The endoplasmic reticulum (ER) provides a contained environment for the synthesis and modification of membrane proteins and proteins destined to be secreted. Upon a number of biochemical, physiologic to pathologic stimuli, the ER protein processing system can be disrupted by disordered calcium (Ca2+) homeostasis and redox status, which subsequently cause the accumulation of unfolded or misfolded proteins, a condition defined as ER stress. Conditions of ER stress lead to the onset of the unfolded protein response (UPR) [13-16]. The canonical UPR signaling pathways are mediated by three UPR transmembrane sensors: protein kinase RNA-like ER kinase (PERK), transcription factor activating transcription factor 6 (ATF6), and inositol-requiring enzyme 1 (IRE1) [17,18]. In non-stressed situations, glucose-regulated protein 78 (GRP78) acts as a master regulator of the UPR through direct interaction with ATF6, PERK, and IRE1 and maintains them in an inactive form. Upon ER stress, GRP78 is titrated away by unfolded proteins, releasing the UPR sensors, which subsequently activates these sensors and initiates the activation and transduction of UPR signals. The UPR is a coordinated response to reduce the accumulation of misfolded proteins and restore ER function. If the efforts of UPR fail to restore ER homeostasis, the UPR will induce cell apoptosis to eliminate the stressed cells [16,18].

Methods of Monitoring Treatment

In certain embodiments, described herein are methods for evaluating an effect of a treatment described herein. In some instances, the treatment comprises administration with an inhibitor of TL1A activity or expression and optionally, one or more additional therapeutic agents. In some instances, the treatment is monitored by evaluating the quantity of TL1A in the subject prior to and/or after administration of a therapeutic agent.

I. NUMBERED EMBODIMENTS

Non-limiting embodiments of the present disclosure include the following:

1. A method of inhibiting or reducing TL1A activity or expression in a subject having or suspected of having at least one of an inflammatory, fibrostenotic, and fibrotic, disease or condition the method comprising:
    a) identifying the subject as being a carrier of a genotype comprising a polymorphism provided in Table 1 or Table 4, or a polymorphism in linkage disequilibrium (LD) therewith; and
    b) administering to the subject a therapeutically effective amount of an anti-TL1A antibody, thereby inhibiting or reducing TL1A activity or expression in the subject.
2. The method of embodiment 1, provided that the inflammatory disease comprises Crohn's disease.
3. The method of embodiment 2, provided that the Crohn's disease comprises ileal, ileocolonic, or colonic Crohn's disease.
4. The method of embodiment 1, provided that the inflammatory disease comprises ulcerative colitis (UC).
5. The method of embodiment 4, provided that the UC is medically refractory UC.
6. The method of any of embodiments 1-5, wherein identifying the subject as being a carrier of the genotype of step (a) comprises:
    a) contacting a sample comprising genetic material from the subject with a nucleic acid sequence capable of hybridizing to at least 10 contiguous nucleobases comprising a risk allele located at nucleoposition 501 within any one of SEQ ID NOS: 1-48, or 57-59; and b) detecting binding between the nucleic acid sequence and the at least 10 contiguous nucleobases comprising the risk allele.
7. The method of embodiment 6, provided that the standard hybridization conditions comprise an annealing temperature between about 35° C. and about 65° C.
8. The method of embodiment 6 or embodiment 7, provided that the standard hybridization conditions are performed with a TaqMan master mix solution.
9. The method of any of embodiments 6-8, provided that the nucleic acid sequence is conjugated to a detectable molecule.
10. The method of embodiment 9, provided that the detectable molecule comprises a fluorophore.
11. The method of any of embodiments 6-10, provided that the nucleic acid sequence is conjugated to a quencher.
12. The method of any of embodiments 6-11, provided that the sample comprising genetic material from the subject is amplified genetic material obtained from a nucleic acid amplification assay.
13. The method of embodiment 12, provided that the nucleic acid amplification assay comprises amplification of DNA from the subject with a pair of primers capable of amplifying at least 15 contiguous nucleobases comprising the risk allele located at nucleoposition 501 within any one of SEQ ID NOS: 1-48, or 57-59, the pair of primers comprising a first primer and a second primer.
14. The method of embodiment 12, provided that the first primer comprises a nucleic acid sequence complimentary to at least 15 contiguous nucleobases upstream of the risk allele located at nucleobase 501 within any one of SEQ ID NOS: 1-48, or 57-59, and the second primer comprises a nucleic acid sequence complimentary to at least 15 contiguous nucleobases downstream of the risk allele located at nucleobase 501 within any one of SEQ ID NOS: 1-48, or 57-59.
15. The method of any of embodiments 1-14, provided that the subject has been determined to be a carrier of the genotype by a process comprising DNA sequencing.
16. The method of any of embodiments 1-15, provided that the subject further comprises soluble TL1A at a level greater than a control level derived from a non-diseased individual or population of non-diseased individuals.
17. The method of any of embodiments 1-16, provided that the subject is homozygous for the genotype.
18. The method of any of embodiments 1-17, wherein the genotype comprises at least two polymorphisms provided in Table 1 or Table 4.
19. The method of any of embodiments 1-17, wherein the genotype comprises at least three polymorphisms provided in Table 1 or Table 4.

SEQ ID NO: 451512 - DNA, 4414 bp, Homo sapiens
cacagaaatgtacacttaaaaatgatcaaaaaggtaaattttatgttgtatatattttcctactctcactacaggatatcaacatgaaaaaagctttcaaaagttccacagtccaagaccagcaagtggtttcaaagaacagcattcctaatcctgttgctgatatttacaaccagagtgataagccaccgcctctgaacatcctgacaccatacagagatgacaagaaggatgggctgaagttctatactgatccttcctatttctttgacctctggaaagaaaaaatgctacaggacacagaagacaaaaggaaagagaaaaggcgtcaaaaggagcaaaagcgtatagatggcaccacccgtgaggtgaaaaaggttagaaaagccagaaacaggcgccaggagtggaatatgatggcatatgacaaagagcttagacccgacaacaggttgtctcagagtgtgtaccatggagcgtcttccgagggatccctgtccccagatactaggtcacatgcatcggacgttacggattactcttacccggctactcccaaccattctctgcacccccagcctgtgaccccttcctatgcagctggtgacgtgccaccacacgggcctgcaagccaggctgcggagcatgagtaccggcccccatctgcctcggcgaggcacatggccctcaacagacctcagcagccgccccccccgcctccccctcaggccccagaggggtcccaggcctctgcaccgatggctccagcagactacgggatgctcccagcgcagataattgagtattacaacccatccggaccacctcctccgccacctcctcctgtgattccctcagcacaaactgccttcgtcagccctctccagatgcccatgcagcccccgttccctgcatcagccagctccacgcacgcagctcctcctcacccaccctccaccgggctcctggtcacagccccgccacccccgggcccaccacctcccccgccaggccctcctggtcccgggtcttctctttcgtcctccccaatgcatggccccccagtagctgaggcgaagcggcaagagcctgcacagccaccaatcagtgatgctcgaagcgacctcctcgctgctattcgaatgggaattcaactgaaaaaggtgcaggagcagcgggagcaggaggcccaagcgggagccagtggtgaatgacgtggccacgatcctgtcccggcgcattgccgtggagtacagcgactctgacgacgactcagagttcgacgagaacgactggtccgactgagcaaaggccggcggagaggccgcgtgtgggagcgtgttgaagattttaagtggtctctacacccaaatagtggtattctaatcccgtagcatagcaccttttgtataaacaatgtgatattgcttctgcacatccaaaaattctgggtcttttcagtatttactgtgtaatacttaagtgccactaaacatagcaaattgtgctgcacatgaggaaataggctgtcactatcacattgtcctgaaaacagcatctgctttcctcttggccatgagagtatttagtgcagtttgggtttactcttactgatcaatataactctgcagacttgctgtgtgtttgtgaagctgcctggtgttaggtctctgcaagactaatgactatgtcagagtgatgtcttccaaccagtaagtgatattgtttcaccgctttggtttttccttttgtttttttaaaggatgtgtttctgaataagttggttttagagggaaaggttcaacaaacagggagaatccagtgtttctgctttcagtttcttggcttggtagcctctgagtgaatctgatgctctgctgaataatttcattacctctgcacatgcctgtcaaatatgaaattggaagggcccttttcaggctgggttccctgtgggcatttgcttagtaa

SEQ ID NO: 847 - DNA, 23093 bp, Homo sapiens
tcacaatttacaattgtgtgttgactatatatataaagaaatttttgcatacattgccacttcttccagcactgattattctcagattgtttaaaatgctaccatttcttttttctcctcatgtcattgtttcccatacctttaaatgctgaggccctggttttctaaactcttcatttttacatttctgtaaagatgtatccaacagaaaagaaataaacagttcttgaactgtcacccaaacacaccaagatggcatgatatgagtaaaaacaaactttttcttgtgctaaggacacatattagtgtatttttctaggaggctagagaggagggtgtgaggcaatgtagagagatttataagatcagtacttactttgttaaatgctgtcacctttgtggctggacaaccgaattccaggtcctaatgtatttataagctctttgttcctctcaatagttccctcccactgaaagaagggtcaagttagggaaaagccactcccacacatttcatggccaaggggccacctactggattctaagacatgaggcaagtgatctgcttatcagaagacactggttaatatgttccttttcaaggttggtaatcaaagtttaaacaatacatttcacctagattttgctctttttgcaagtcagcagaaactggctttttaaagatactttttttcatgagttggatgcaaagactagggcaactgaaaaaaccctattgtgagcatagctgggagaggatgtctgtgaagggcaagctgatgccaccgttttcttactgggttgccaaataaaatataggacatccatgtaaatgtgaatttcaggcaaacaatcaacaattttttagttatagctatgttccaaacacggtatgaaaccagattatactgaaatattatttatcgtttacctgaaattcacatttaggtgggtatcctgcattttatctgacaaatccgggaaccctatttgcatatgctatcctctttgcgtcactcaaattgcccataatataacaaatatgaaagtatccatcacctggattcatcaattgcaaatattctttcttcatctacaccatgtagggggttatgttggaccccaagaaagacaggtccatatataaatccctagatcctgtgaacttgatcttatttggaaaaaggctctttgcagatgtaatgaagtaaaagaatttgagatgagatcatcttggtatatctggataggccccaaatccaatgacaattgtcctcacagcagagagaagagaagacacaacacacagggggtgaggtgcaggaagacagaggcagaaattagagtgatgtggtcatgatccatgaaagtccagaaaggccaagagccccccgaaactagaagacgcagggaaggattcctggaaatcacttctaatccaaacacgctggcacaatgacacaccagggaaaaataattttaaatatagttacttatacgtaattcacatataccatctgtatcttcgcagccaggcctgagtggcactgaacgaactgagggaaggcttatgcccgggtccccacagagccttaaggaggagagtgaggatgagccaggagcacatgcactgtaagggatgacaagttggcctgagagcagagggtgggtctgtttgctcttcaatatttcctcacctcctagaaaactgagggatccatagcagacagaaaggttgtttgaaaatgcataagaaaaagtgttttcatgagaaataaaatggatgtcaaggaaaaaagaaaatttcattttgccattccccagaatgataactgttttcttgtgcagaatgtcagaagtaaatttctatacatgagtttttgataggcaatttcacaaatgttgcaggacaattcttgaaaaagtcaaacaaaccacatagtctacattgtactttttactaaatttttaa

Intracellular FFAs are esterified within the ER, and inundation of hepatocyte with FFA disturbs ER function, which resulting in ER stress response [19,20]. The activation of UPR signal pathways have been well documented in NAFLD . It has been postulated that ER may sense metabolic stresses associated with obesity and transmit signals that ultimately influence both pancreatic insulin secretion and hepatic insulin action. Since it has been reported that ER stress and inability of the UPR to reestablish ER homeostasis may be upstream components of lipotoxicity [19,21], the mechanisms of ER stress in lipotoxicity are poorly defined.
In this study, we investigated the roles of ER stress in palmitate (PA, a 16 carbon FFA with no carbon-carbon double bonds, indicated 16:0)-induced hepatocyte lipoapoptosis. We found that PA caused ER stress as evidenced by increased X-box-binding protein-1 (XBP-1) mRNA splicing, increased expression of C/EBP homologous protein (CHOP) and GRP78. Interestingly, the pattern of PA-initiated ER stress is different from N-glycosylation inhibitor tunicamycin (Tun)-induced ER stress, and the differential activation of ER stress signal pathways plays an important role in hepatocyte lipoapoptosis.
2. Materials and Methods
2.1. Chemicals and Antibodies
Palmitate (PA), ER stress inducer tunicamycin (Tun, inhibitor of N-linked glycosylation), and ER stress inhibitor PBA were purchased from Sigma. Antibodies against phosphor-eIF2α (Ser-51), PARP, and Myc-tag were purchased from Cell Signaling Technology. Antibodys against GRP78, and β-actin were purchased from Santa Cruz Biotechnology. GRP78 plasmid was purchased from Addgene.
2.2. Cell Culture and Transfection
Human hepatocellular carcinoma cell line SMMC-7721 was cultured in Dulbecco’s modified Eagle’s medium containing 10% fetal bovine serum and 1% penicillin/streptomycin antibiotics. Cells were maintained at 37°C in a humidified incubator containing 5% CO2 and 95% air. Transfection of vectors for the expression of GFP and GRP78 were performed using Lipofectamine 2000 (Invitrogen, Carlsbad, CA, USA) according to the manufacturer’s manuals.
2.3. Fatty Acid Treatment